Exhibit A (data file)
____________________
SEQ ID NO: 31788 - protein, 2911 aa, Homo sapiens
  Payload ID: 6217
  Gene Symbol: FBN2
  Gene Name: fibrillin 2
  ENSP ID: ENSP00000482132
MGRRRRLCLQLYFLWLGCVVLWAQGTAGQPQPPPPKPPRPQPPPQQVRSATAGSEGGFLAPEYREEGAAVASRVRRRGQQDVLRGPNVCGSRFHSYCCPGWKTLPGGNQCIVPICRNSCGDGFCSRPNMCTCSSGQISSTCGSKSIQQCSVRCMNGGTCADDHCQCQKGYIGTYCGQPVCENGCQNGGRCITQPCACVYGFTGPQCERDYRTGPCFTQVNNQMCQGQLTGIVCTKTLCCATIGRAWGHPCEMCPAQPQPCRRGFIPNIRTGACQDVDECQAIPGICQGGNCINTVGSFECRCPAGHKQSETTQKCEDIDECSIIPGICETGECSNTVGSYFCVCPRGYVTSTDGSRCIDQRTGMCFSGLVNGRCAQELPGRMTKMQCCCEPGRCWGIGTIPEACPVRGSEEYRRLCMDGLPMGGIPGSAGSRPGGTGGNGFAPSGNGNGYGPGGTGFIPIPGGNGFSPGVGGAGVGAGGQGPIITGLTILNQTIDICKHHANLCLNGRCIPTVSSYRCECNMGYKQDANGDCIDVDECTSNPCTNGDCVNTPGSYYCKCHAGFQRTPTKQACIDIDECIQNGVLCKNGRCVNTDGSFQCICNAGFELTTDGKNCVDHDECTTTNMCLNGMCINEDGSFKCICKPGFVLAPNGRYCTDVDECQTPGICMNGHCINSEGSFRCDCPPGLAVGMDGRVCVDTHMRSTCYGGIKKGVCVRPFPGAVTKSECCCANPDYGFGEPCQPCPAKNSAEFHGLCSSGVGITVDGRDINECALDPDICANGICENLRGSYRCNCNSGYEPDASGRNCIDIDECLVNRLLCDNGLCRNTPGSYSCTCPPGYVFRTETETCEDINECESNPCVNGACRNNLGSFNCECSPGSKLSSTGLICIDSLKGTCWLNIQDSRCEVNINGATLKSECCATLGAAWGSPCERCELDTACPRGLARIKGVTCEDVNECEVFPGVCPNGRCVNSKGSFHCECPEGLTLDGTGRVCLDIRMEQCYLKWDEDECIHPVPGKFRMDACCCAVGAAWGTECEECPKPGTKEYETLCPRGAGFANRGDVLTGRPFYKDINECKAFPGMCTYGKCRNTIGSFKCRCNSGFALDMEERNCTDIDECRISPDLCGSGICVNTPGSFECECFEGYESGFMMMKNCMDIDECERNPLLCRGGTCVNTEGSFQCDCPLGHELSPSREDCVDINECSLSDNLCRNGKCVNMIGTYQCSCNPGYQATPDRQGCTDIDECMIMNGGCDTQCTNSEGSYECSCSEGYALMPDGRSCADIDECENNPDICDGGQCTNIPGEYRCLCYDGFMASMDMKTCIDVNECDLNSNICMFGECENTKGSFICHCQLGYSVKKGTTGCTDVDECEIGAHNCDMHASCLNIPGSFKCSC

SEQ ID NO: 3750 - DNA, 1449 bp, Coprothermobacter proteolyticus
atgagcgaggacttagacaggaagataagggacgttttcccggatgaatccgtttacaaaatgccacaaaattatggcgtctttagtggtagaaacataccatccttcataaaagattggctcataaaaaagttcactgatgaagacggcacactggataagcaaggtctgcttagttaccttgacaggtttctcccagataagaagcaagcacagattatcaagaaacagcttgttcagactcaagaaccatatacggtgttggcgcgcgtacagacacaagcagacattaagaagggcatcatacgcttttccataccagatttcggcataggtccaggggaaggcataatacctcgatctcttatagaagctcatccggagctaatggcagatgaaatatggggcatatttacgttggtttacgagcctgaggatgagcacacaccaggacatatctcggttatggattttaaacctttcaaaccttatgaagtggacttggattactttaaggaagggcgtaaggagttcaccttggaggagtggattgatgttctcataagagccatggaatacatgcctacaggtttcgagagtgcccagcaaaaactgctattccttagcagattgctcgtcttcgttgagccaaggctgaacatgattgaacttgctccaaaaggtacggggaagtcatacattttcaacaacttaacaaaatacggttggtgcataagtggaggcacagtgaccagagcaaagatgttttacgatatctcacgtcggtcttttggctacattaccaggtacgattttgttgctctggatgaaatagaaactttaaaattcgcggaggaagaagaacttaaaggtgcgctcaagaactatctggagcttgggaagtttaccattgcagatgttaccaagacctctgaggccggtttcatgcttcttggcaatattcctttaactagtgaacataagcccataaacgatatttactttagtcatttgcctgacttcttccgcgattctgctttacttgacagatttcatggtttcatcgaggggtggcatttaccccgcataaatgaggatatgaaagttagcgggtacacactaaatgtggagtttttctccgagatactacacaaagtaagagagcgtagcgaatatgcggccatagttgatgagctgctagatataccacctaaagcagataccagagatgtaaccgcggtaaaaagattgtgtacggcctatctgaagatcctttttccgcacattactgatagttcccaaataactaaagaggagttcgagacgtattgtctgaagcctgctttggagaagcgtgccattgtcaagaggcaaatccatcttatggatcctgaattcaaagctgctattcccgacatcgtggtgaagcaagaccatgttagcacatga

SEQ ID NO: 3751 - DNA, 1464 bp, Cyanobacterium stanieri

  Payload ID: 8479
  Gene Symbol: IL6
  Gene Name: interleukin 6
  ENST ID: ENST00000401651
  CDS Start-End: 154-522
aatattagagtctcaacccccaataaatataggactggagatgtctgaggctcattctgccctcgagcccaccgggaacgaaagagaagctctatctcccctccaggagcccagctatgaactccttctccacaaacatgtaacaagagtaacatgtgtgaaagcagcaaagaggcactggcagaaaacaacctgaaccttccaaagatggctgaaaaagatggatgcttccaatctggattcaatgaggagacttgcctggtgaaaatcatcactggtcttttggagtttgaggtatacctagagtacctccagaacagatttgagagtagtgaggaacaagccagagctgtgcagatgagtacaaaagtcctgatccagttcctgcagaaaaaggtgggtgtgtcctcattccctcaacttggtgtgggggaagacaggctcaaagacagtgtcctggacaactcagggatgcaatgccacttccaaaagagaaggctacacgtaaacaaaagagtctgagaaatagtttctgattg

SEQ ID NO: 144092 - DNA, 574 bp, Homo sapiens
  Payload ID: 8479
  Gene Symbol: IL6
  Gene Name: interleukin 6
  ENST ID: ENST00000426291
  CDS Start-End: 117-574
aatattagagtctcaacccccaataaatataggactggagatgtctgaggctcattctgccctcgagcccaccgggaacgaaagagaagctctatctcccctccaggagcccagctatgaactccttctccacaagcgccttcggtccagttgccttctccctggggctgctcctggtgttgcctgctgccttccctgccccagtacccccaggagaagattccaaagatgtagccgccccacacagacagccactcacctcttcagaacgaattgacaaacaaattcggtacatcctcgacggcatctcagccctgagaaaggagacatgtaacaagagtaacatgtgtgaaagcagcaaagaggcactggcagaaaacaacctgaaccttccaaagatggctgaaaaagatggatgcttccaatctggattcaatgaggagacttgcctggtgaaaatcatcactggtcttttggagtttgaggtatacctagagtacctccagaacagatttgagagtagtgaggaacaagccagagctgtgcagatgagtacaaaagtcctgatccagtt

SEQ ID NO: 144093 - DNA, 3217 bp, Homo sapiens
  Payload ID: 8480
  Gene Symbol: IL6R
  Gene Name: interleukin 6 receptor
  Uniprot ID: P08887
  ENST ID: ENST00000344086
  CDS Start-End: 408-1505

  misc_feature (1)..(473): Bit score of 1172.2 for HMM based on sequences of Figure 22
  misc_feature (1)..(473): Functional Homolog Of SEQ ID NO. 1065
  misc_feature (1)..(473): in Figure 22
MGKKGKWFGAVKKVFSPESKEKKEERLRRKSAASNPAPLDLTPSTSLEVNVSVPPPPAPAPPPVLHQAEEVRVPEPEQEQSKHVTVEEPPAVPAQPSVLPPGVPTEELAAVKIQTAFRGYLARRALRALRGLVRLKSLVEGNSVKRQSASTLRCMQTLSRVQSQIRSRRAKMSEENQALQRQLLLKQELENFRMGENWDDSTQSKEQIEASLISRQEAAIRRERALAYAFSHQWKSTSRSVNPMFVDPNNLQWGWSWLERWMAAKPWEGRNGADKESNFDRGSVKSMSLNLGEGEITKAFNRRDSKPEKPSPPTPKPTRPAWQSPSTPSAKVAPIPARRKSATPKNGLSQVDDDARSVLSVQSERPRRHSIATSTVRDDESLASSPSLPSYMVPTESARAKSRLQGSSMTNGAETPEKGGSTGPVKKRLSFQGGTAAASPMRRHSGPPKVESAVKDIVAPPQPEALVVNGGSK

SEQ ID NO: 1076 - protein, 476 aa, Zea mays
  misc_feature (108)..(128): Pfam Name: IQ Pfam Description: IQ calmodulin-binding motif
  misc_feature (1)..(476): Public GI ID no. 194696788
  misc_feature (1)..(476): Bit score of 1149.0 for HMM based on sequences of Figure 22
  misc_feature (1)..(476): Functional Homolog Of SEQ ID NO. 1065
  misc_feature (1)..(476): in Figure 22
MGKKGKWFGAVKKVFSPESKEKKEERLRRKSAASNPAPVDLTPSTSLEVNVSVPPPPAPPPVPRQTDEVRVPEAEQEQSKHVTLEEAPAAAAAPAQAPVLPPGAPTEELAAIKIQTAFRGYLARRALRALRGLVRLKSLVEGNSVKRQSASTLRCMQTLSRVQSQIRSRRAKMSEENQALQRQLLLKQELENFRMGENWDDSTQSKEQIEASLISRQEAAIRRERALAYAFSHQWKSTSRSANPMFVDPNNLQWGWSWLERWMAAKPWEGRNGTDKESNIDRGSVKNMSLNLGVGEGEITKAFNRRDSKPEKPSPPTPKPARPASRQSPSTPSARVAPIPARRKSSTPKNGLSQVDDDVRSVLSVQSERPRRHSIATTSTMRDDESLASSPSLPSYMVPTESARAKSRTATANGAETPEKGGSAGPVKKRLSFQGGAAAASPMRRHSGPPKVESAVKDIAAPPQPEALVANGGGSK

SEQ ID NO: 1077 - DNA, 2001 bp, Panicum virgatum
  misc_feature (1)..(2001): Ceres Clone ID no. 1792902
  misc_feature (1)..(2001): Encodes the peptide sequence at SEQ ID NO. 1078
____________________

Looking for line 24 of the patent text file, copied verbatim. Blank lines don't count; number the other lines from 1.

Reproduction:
  Payload ID: 8480